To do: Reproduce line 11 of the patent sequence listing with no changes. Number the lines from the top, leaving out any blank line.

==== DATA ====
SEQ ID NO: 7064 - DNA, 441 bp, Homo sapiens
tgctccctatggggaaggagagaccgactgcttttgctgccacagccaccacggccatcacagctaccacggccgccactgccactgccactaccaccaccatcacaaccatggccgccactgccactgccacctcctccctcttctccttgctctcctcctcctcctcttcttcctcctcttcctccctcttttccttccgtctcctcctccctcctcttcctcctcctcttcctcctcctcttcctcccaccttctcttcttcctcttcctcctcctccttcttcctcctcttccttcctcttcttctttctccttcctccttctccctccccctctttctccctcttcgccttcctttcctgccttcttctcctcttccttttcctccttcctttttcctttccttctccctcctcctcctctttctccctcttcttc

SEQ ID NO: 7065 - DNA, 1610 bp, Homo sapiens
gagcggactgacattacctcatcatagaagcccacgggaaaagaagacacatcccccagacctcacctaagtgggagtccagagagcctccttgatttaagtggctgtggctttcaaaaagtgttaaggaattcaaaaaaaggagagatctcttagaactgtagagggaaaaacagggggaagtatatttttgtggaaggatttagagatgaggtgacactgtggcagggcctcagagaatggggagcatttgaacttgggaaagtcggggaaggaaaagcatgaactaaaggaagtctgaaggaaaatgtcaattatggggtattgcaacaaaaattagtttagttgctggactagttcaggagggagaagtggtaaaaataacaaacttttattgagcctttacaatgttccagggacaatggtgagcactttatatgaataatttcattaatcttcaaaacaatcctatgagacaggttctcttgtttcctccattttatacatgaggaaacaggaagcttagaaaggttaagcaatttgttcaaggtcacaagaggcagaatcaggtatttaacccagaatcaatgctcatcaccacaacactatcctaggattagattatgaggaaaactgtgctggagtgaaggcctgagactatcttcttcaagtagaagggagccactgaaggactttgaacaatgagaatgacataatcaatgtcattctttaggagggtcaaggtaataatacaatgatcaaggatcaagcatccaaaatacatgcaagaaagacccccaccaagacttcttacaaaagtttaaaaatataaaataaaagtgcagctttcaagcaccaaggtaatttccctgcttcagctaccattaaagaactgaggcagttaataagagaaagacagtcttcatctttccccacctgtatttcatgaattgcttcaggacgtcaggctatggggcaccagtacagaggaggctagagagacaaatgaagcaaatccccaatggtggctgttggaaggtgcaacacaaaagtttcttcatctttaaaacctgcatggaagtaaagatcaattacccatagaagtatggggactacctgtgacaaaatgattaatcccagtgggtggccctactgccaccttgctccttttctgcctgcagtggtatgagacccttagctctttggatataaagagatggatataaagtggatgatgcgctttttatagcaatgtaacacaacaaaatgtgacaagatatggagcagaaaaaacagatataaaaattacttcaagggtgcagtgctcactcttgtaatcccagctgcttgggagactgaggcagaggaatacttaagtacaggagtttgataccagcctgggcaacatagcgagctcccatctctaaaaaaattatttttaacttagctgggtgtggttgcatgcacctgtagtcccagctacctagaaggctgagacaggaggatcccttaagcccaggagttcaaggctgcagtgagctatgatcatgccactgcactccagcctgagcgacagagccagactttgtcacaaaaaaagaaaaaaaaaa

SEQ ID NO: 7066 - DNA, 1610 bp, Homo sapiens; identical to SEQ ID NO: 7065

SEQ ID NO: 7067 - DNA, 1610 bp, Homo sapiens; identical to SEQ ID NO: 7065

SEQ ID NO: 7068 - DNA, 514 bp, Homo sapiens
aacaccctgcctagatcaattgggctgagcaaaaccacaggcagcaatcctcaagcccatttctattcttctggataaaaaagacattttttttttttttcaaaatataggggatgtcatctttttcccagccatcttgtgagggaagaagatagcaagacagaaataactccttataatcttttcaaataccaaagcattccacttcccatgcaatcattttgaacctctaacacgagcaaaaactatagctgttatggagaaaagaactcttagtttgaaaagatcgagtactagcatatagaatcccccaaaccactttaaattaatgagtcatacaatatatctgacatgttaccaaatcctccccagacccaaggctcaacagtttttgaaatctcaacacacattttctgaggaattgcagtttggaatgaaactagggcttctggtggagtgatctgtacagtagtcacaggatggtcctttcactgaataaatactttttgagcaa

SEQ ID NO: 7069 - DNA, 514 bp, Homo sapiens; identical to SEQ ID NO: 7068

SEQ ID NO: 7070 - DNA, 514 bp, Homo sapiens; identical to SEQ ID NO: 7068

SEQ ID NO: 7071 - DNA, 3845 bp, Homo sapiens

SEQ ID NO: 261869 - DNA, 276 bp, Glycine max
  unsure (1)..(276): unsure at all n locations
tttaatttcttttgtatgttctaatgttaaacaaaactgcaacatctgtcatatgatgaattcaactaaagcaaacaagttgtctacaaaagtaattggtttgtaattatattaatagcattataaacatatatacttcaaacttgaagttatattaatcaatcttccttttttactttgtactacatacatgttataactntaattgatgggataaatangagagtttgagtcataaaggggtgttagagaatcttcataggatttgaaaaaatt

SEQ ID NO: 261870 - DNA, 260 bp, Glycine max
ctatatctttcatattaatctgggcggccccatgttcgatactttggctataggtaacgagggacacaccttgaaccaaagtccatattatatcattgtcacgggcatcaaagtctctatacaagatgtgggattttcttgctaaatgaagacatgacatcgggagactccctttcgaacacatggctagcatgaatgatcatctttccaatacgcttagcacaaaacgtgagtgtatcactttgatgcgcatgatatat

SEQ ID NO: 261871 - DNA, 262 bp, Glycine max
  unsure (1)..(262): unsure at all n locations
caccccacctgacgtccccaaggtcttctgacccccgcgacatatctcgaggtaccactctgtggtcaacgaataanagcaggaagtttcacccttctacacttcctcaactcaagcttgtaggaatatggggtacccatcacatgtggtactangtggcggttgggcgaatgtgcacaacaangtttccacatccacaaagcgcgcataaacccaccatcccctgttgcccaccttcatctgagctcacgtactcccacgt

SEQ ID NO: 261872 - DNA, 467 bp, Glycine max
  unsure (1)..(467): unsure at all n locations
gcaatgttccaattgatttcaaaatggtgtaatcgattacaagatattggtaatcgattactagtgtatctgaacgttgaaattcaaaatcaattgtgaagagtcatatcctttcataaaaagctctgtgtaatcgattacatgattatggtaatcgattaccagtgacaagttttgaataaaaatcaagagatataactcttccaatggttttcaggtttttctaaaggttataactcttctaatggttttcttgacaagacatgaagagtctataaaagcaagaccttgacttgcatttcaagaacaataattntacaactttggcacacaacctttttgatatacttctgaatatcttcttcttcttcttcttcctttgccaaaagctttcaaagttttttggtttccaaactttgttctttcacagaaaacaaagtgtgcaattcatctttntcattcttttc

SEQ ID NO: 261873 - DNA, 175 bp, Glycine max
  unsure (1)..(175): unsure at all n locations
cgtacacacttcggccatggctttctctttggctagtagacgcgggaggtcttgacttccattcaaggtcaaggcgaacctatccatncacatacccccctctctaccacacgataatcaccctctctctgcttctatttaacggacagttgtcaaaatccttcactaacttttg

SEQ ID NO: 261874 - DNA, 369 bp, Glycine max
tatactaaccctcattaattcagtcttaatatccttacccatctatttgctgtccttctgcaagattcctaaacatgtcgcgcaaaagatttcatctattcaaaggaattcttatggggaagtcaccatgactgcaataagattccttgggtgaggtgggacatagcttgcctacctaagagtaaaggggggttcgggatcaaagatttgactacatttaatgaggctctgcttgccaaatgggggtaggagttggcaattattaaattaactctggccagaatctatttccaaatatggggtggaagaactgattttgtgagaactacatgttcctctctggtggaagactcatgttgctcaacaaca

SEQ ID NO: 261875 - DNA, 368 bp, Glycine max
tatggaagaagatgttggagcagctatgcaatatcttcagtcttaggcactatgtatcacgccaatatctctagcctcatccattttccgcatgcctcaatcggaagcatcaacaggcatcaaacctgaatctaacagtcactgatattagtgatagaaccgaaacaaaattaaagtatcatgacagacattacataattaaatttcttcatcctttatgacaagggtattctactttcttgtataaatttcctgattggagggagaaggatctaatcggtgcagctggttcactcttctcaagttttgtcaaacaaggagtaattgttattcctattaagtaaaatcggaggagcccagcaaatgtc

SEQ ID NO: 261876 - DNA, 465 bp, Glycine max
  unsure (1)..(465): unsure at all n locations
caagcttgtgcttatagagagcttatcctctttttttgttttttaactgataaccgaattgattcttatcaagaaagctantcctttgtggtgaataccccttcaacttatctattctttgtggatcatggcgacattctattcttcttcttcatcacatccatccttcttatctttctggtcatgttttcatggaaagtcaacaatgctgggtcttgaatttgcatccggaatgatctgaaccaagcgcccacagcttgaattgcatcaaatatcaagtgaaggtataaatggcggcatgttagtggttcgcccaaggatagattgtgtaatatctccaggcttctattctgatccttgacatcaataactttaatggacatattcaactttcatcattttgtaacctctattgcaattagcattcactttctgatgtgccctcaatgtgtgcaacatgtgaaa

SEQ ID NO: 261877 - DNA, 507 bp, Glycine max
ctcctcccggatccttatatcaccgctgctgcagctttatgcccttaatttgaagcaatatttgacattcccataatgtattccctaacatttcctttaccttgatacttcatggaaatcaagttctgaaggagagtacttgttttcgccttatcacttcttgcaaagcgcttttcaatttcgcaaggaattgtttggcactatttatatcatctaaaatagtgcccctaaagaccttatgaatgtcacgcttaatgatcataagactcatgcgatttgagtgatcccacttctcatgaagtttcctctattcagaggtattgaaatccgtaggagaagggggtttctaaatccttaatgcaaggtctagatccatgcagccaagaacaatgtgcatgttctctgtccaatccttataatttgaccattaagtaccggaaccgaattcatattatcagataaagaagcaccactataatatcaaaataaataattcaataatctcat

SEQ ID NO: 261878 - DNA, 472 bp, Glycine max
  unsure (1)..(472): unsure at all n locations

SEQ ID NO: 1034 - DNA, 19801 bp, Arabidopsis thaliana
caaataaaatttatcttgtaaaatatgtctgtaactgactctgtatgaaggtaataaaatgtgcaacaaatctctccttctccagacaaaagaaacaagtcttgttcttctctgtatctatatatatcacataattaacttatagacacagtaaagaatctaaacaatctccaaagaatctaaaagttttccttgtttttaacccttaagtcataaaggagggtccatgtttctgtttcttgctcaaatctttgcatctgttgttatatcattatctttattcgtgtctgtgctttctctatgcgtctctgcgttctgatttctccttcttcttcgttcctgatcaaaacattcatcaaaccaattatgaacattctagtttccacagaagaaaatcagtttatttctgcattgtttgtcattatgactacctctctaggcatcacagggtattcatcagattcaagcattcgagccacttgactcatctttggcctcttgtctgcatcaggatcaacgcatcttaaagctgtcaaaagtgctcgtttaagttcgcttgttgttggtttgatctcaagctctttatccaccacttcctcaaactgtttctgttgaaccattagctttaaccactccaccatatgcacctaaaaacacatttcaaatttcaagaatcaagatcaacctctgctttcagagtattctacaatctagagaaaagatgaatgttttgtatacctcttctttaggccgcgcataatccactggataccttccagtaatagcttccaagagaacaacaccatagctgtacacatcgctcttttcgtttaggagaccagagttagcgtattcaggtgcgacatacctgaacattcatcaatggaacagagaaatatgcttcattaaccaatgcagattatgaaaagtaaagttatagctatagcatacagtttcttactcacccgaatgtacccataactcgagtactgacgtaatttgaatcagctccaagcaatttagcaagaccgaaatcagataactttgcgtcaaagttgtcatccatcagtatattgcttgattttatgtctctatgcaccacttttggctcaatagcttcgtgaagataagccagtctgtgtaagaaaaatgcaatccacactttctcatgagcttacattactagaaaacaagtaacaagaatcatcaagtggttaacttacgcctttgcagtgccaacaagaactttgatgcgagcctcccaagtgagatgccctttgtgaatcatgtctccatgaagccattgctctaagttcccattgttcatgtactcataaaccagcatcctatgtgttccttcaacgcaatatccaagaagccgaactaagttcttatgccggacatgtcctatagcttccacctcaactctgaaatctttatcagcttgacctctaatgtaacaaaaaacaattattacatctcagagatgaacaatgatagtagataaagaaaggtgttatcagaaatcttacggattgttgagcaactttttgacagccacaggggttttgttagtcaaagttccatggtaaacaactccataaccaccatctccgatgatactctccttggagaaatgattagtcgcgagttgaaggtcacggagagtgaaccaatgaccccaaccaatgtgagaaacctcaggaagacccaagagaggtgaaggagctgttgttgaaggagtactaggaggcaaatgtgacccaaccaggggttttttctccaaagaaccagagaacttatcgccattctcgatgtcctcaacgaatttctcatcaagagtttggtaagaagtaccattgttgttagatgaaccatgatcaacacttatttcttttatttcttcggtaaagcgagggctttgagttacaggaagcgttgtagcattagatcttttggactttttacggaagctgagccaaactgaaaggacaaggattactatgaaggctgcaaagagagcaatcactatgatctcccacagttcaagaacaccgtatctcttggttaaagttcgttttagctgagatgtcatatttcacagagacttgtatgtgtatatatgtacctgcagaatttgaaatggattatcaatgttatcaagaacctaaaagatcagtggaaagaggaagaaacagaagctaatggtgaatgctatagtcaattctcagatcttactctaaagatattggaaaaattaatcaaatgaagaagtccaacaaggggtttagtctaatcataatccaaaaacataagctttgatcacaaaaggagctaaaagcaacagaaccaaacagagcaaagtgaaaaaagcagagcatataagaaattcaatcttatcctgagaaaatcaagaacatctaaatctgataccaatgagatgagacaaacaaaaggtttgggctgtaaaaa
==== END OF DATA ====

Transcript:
SEQ ID NO: 7071 - DNA, 3845 bp, Homo sapiens